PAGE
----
Screening Tests for Ovarian Cancer

Compared to other cancers, ovarian cancer is one of the more deadly. If a woman has symptoms that might be ovarian cancer, doctors often order a blood test (“CA-125”) and an ultrasound. But these tests aren’t good for screening of low-risk women. Here’s why: The test results are not always effective. Women with a high… Read more »

Acute Blood Clots

A deep blood clot in your leg or pelvis may be dangerous. It can travel to your lungs and block the flow of blood. This can be deadly. A deep blood clot is called a deep vein thrombosis, or DVT. When it travels to the lungs, it can cause a blockage called a pulmonary embolism,… Read more »

Screening Tests

Screening tests help doctors look for diseases when you don’t have symptoms. The tests can find problems early, when they are easier to treat. Sometimes this can improve your health and help you live longer. But it’s important to know which tests you need, and how often you need them. Screenings have risks. Screenings can… Read more »

Palliative Care

Palliative care is a new idea in health care. When you get palliative care, a trained team helps you and your loved ones live with a serious illness. With palliative care, you can get physical, emotional, and spiritual support. You can get help to relieve pain and symptoms—such as fatigue, anxiety, shortness of breath, nausea,… Read more »

Care at the End of Life for Advanced Cancer Patients

When you have cancer and you have tried many treatments without success, it’s hard to know when to stop treatment. Sometimes, even with the best care, cancer continues to spread. It is hard to accept, but the best thing for you at that point may be to stop the cancer treatment. Instead, you could focus… Read more »

PET Scans After Cancer Treatment

If you’ve been treated for cancer, it’s normal to want to do everything you can to be sure that it doesn’t come back. Your doctor will watch you closely for many years to check for a possible return of the cancer. To be extra sure, some doctors will order imaging tests, known as PET scans…. Read more »

Pelvic Exams, Pap Tests and Oral Contraceptives

Before you get birth control pills, your doctor may want you to have a pelvic exam with a Pap test. Your doctor should get a complete medical history before giving you a prescription for birth control pills. But you usually don’t need a Pap test and pelvic exam, especially if you are a teen. The… Read more »

CT Scans to Find Lung Cancer in Smokers

A low-dose spiral CT (“cat”) scan is a type of medical test. It is used to look for early signs of lung cancer. If the test finds cancer, treatment can start early. But the test is not helpful for light smokers or people who quit smoking more than 15 years ago. And it’s not usually… Read more »

Home Oxygen After a Hospital Stay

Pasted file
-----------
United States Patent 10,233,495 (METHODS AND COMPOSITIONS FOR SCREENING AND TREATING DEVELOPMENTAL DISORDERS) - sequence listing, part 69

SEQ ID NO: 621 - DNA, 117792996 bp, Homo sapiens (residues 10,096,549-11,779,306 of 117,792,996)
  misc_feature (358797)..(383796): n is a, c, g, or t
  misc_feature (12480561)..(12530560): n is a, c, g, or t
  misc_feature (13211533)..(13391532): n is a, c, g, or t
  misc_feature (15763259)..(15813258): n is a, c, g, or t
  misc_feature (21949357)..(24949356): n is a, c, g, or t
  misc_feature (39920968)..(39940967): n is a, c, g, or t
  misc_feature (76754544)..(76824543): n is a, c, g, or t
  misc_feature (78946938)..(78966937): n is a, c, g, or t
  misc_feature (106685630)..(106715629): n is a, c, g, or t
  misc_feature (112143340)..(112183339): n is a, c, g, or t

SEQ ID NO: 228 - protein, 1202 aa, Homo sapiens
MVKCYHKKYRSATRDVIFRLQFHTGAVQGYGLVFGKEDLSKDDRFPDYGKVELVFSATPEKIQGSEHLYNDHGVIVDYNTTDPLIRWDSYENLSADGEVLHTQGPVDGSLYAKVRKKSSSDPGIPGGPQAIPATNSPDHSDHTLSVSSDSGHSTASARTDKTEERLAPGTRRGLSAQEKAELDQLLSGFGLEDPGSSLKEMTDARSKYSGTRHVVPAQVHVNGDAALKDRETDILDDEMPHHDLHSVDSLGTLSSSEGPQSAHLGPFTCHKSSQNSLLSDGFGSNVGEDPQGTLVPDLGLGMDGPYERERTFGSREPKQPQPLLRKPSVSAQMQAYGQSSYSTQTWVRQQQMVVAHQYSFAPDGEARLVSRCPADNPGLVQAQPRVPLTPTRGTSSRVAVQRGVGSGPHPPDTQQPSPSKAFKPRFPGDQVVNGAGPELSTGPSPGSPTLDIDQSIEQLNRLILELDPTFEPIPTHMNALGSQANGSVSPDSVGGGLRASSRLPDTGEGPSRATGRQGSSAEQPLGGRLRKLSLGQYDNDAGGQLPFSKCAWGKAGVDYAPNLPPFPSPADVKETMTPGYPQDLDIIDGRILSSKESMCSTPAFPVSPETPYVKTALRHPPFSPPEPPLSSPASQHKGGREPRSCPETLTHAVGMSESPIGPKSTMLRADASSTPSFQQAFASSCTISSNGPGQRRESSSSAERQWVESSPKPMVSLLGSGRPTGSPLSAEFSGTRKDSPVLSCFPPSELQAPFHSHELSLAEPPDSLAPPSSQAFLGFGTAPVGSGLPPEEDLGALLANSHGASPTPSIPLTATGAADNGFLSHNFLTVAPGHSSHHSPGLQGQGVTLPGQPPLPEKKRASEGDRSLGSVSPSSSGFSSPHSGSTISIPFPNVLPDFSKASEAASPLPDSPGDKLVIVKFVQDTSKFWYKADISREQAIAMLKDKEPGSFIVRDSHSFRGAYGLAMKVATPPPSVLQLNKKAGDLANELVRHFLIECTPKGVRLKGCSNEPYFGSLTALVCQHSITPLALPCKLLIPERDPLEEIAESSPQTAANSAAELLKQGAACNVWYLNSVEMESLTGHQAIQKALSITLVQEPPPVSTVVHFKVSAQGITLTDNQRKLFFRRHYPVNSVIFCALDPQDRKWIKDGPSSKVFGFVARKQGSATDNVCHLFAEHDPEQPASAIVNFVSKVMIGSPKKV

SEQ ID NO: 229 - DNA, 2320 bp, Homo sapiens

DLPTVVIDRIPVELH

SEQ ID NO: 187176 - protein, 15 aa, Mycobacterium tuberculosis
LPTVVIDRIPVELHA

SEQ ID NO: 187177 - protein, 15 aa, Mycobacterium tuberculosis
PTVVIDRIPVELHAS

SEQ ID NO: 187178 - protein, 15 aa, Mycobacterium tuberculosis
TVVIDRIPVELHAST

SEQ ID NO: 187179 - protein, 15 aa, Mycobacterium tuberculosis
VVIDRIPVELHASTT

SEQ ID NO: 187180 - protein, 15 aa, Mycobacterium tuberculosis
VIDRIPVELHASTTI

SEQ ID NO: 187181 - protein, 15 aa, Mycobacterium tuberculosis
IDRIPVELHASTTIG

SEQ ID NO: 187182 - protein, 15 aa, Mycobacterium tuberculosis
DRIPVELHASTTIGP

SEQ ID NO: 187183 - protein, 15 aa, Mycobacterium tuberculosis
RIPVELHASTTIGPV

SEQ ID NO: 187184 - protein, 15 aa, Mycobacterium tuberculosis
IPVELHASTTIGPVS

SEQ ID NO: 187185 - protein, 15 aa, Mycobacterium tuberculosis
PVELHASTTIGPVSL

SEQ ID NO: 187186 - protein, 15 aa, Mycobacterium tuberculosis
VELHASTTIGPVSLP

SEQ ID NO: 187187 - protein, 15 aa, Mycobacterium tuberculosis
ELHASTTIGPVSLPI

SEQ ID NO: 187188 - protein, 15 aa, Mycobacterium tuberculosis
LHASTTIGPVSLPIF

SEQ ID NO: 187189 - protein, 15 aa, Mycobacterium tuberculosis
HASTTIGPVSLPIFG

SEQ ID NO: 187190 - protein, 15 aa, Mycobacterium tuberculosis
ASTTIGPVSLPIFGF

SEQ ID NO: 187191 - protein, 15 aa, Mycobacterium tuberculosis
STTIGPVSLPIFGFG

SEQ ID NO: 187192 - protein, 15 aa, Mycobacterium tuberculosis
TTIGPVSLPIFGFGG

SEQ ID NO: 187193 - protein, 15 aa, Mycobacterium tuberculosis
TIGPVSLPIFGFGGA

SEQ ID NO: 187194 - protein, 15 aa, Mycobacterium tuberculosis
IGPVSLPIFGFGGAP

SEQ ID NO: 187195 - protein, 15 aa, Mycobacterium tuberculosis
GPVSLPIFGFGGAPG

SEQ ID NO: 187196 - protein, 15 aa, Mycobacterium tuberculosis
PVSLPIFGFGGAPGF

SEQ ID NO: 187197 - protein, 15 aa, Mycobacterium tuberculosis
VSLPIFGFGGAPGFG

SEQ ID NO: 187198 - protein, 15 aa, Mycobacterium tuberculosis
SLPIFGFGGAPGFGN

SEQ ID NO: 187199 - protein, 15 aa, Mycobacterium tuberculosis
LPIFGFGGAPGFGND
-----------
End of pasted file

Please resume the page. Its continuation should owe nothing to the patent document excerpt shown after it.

It can be hard to breathe after some serious illnesses, such as pneumonia or heart failure, or an attack of COPD or another lung disease. You may still need extra oxygen after you leave the hospital. And you may go home with a prescription for supplemental (extra) oxygen therapy. Supplemental oxygen therapy uses a tank… Read more »

Treating Sleep Problems

If you often have trouble falling or staying asleep, you have insomnia.  It can get in the way of working, driving, and even thinking. And it can cause health problems. To treat insomnia, doctors sometimes prescribe drugs called antipsychotics. The U.S. Food and Drug Administration (FDA)  has approved these drugs to treat mental illness, but… Read more »

Avoid Unnecessary Treatments in the ER

It can be hard to say “No” in the emergency department. But talking with your emergency room (ER) doctor may help you avoid costly testing. That’s why the American College of Emergency Physicians lists three common procedures you should know about: If CT scans of the head for minor injury Urinary catheters Antibiotics and cultures… Read more »

PSA Blood Test for Prostate Cancer

For years, doctors have used a PSA blood test to screen men for prostate cancer. The test measures a protein made by the prostate gland, called a prostate-specific antigen (PSA). But the PSA test can do more harm than good. Here’s why: The test is often not needed. Most men with high PSAs don’t have… Read more »

Low-Risk Prostate Cancer

If you are diagnosed with prostate cancer, you should discuss treatments and quality-of-life issues with your cancer care team. Your team should include a urologist and a radiation oncologist. You can also get helpful advice from a medical oncologist. Common treatments are surgery and radiation. However, there is another approach to learn about. It’s called… Read more »

Sentinel Node Biopsy for Breast Cancer

Lymph nodes are small glands in the underarms and many other places in the body. If you have breast cancer, your doctor will usually check the underarm lymph nodes. Most breast cancer is invasive. This means that it can spread. The doctor checks the lymph nodes in the underarm to find out if the cancer… Read more »

Breast Biopsy

A breast biopsy is a test of breast tissue to see if you have cancer. Usually, you get a biopsy if there is a suspicious change in your breast. Your doctor may find the change in a physical exam, mammogram, or ultrasound test. A breast biopsy is a common procedure for women in the U.S…. Read more »